John Page Classic AJ review

An original take on a Fender classic

  • £1299

MusicRadar Verdict

Whatever you think of the modernist outline, this is quite simply a great guitar that any working player could use at sensible 'part-timers' price.


  • +

    Intelligent, original design; ultra-sharp build; top hardware and pickups; versatile yet familiar.


  • -

    Vintage obsessives will struggle with the modernist style – their loss.

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Intelligent design is, for many, a dirty word in today's vintage-fixated world.

Even those musicians who want to push the sonic boundaries more often than not choose from a small group of classic designs. But the flipside to that way of thinking is that we're steadily seeing more and more original designs - and not just those limited to high-end, one-off custom shops.

Which brings us to this 2016 release from John Page, a refreshingly original take on a classic.

On the one hand, the AJ sticks closely to the Fender recipe, certainly in terms of its basic alder body and maple neck ingredients, but John has re-envisioned the outline, which is never a easy thing to do.

When we draw around both the AJ and a vintage Telecaster, the changes appear less on paper than they seem in the flesh. The base is more curved, and the waist-to- lower bout lines are slightly flatter, while the most obvious change comes with the upper shoulder that is flatter and curves into the rounded nose of the heel then into the treble cutaway, with a horn that is much less hooked.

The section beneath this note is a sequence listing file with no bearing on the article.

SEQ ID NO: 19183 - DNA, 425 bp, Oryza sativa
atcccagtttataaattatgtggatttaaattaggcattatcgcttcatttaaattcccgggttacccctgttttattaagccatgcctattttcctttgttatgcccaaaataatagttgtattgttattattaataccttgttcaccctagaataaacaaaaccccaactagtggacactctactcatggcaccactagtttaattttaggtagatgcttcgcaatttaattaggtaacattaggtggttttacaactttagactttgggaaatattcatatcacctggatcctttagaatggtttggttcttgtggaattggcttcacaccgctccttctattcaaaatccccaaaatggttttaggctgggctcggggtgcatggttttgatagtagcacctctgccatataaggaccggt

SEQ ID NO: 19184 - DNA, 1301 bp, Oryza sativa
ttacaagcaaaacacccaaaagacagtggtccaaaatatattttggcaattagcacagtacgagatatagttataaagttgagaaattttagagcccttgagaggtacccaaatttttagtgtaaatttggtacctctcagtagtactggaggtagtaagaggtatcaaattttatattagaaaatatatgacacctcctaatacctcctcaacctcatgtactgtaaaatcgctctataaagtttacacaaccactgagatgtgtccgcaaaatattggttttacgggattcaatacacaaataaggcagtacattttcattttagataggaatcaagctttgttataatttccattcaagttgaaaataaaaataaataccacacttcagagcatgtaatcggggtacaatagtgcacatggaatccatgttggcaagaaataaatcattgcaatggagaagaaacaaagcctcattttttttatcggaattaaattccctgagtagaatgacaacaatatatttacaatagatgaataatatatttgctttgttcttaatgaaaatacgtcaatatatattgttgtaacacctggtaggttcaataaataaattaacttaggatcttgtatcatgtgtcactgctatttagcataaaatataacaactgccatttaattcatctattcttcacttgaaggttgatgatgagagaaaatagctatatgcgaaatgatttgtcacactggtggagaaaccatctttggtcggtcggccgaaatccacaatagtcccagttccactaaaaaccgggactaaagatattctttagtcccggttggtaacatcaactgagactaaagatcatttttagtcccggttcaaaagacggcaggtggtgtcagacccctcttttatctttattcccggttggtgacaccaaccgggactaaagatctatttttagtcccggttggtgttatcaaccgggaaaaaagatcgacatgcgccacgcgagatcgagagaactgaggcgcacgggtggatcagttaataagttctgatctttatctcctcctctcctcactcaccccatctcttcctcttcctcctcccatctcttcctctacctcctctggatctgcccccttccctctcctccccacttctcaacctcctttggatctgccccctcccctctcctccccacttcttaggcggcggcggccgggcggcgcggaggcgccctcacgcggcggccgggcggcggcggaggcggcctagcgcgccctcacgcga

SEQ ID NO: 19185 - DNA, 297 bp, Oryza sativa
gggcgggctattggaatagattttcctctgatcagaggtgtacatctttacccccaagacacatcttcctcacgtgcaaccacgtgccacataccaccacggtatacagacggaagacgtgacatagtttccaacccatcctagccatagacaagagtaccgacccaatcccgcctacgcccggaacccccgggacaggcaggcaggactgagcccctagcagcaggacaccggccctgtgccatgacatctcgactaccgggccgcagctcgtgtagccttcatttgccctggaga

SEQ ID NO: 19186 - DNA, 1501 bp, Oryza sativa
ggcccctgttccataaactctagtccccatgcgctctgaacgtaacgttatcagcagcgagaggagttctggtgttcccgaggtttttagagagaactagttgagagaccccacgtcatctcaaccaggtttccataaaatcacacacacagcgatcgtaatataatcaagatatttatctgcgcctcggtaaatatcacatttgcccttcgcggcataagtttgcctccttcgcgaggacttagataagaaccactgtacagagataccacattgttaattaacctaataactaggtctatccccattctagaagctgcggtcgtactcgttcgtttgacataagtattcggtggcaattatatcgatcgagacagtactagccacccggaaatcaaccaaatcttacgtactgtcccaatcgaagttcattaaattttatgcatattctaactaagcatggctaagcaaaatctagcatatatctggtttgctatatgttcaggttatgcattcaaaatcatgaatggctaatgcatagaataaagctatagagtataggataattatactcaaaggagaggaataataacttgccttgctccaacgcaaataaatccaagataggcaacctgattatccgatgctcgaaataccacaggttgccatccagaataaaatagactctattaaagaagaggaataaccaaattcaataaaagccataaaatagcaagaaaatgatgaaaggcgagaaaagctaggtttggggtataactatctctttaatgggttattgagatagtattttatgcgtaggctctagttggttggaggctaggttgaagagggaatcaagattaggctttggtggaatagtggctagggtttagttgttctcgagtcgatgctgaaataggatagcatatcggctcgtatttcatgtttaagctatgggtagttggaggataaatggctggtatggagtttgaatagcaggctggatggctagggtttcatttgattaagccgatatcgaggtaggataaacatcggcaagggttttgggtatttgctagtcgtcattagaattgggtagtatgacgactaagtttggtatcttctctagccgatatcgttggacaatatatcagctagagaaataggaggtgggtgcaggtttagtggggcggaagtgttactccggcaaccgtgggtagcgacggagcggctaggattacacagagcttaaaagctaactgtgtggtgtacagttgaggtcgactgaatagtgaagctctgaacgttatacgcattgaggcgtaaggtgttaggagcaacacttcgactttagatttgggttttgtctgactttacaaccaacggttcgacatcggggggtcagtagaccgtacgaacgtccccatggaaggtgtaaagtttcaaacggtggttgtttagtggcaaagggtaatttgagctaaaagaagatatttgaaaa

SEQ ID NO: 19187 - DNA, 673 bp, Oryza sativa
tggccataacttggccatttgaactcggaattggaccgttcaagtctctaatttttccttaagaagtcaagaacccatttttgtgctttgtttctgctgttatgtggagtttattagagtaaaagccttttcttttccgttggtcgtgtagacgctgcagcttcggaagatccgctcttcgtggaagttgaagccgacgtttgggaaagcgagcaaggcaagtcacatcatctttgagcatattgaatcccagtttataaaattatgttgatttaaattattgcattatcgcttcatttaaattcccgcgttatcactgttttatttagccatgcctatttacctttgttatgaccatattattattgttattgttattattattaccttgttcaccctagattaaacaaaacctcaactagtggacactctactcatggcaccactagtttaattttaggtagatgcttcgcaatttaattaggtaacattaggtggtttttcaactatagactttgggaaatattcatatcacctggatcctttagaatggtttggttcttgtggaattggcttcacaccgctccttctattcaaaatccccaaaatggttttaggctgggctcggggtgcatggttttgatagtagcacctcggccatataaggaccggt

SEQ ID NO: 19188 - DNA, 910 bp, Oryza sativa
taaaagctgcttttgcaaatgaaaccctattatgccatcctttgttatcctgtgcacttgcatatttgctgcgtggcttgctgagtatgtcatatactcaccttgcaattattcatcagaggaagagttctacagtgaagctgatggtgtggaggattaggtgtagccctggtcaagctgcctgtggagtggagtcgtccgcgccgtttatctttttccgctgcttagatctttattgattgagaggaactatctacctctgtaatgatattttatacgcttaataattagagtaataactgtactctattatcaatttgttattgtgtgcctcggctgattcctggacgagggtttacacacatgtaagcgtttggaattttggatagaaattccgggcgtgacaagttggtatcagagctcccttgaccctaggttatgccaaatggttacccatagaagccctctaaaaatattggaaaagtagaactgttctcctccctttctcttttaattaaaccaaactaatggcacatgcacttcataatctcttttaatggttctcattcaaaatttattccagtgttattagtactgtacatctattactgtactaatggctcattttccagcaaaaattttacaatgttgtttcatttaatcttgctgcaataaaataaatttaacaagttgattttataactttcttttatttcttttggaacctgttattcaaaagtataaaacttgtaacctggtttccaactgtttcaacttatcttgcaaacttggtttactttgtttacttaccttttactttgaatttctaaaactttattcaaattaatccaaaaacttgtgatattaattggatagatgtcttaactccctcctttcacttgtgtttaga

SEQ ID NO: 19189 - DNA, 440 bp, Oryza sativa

It loses some of the Tele's slab- like look and feel by adding Stratocaster-like contours and a larger edge radius. When strapped on, these tweaks make quite a difference: the body 'disappears' and feels a part of you.

It's a proper bolt-on, too: all the Classics use bolts, not screws, to connect to nuts inset in the base of the maple neck, with each of the four bolts held in a thick recessed washer, which removes the need for a neck plate. It's far from rocket science, but intelligent craft nonetheless.

Sustain is rarely something we need to comment on with quality builds, but it's noticeably good here - as if there's a compressor in line squeezing the last ounce of the note's decay.

This modernism is tempered, however, by a pretty beefy feeling neck, which has a full deep C shape with quite full shoulders and lovely curved fingerboard edges that roll into the face.

The ends of the fret slots are cleanly filled; the fret ends and tops of the medium-but-high wire (approximately 2.36mm wide by 1.3mm high) are expertly finished. The neck has an untoned satin sheen that continues the modern vibe, although your hand is telling you you're playing something with a lot more heritage.